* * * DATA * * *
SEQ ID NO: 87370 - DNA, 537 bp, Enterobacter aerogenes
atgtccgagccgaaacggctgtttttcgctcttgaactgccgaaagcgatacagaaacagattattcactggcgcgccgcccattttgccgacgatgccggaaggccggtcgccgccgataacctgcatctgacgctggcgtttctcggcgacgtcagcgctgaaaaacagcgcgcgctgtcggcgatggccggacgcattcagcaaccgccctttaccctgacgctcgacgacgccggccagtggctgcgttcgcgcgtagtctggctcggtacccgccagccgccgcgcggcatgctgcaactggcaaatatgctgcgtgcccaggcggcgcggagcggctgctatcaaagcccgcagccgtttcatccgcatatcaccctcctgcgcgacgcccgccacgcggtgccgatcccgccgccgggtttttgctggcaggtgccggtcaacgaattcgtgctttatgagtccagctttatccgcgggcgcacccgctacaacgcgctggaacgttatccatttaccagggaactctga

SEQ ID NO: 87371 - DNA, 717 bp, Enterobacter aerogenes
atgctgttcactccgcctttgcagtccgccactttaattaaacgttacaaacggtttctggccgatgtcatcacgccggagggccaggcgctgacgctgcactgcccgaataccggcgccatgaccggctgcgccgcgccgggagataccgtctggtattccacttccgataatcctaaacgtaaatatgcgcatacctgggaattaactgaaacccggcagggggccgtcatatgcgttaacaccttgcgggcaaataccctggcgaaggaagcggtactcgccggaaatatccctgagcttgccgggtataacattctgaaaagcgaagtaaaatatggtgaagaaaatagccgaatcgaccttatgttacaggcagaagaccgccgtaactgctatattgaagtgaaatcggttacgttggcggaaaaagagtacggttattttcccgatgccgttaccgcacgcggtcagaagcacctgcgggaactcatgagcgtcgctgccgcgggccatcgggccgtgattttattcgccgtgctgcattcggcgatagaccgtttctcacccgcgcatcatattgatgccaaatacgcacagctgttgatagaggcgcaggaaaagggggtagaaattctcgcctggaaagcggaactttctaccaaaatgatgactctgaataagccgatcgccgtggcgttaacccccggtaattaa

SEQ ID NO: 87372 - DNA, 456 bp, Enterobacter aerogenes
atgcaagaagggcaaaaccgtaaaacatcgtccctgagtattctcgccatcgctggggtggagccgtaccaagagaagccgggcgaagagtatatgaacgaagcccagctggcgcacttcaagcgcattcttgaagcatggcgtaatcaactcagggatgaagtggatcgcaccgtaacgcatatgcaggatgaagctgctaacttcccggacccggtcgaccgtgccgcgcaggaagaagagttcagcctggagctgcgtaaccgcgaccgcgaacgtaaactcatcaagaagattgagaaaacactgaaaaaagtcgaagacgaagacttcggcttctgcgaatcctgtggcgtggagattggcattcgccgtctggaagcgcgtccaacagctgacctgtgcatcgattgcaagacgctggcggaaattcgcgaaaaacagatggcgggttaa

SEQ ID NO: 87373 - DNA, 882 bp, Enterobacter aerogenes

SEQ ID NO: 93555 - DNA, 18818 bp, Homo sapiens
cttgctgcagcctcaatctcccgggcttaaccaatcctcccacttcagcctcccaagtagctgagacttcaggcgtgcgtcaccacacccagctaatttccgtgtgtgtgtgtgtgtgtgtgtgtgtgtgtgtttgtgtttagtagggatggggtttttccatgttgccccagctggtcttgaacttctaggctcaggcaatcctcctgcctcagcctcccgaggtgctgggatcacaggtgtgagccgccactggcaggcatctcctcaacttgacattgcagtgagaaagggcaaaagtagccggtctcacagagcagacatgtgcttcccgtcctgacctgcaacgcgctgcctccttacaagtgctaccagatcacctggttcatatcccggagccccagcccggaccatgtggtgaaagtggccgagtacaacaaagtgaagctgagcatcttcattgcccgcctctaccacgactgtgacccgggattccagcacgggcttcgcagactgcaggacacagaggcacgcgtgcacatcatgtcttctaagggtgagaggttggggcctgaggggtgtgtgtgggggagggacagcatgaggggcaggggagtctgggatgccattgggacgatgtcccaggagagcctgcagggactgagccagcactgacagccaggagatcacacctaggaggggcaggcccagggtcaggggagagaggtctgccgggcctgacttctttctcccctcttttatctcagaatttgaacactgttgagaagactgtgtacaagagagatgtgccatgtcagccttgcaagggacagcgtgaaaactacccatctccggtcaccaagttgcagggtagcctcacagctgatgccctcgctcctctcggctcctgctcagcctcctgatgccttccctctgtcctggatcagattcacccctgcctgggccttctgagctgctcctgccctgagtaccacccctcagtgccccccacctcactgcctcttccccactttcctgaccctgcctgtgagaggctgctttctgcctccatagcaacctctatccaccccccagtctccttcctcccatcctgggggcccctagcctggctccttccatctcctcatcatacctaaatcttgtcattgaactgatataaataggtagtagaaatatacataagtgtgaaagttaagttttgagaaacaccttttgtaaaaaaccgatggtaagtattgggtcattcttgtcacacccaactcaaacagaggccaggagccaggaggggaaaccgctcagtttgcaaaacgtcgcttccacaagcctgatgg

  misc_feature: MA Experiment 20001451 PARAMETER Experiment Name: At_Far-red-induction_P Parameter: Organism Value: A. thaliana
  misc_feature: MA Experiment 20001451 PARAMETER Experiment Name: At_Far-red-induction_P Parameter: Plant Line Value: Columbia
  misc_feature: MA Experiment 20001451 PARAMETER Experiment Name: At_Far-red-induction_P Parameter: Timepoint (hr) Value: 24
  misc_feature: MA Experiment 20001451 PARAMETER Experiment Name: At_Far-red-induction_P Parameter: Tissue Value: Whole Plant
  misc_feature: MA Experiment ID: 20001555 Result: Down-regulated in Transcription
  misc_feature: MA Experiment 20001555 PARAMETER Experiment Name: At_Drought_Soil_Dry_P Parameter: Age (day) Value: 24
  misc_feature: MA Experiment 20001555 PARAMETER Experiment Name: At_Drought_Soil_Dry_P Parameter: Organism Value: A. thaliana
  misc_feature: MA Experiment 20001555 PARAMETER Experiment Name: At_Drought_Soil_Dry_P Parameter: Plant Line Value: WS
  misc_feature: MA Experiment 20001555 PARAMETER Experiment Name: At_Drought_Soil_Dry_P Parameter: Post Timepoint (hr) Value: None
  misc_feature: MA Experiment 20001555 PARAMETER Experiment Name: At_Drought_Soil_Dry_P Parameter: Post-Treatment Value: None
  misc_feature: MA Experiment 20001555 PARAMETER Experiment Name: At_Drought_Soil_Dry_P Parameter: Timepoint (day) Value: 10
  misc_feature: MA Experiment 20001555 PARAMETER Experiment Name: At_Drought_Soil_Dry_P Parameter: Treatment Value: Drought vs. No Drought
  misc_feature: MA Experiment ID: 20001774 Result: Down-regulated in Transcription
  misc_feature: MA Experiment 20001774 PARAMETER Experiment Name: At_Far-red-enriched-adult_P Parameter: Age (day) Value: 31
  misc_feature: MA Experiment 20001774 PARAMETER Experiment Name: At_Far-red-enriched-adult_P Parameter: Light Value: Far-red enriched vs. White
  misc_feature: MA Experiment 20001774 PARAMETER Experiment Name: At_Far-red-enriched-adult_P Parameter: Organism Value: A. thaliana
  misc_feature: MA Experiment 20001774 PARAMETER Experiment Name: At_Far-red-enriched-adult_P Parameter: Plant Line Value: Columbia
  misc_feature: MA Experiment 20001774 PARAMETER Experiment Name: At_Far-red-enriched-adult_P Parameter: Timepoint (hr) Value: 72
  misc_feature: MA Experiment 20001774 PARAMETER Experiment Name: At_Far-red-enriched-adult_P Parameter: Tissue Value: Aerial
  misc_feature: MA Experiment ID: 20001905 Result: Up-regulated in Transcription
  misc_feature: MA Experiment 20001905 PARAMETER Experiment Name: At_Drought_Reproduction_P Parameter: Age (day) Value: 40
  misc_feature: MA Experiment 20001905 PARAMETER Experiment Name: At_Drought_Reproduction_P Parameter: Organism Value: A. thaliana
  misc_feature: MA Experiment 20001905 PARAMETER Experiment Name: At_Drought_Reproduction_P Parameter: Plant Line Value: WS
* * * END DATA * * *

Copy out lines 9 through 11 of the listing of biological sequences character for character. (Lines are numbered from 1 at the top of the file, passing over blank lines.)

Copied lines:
cttgctgcagcctcaatctcccgggcttaaccaatcctcccacttcagcctcccaagtagctgagacttcaggcgtgcgtcaccacacccagctaatttccgtgtgtgtgtgtgtgtgtgtgtgtgtgtgtgtttgtgtttagtagggatggggtttttccatgttgccccagctggtcttgaacttctaggctcaggcaatcctcctgcctcagcctcccgaggtgctgggatcacaggtgtgagccgccactggcaggcatctcctcaacttgacattgcagtgagaaagggcaaaagtagccggtctcacagagcagacatgtgcttcccgtcctgacctgcaacgcgctgcctccttacaagtgctaccagatcacctggttcatatcccggagccccagcccggaccatgtggtgaaagtggccgagtacaacaaagtgaagctgagcatcttcattgcccgcctctaccacgactgtgacccgggattccagcacgggcttcgcagactgcaggacacagaggcacgcgtgcacatcatgtcttctaagggtgagaggttggggcctgaggggtgtgtgtgggggagggacagcatgaggggcaggggagtctgggatgccattgggacgatgtcccaggagagcctgcagggactgagccagcactgacagccaggagatcacacctaggaggggcaggcccagggtcaggggagagaggtctgccgggcctgacttctttctcccctcttttatctcagaatttgaacactgttgagaagactgtgtacaagagagatgtgccatgtcagccttgcaagggacagcgtgaaaactacccatctccggtcaccaagttgcagggtagcctcacagctgatgccctcgctcctctcggctcctgctcagcctcctgatgccttccctctgtcctggatcagattcacccctgcctgggccttctgagctgctcctgccctgagtaccacccctcagtgccccccacctcactgcctcttccccactttcctgaccctgcctgtgagaggctgctttctgcctccatagcaacctctatccaccccccagtctccttcctcccatcctgggggcccctagcctggctccttccatctcctcatcatacctaaatcttgtcattgaactgatataaataggtagtagaaatatacataagtgtgaaagttaagttttgagaaacaccttttgtaaaaaaccgatggtaagtattgggtcattcttgtcacacccaactcaaacagaggccaggagccaggaggggaaaccgctcagtttgcaaaacgtcgcttccacaagcctgatgg

  misc_feature: MA Experiment 20001451 PARAMETER Experiment Name: At_Far-red-induction_P Parameter: Organism Value: A. thaliana
  misc_feature: MA Experiment 20001451 PARAMETER Experiment Name: At_Far-red-induction_P Parameter: Plant Line Value: Columbia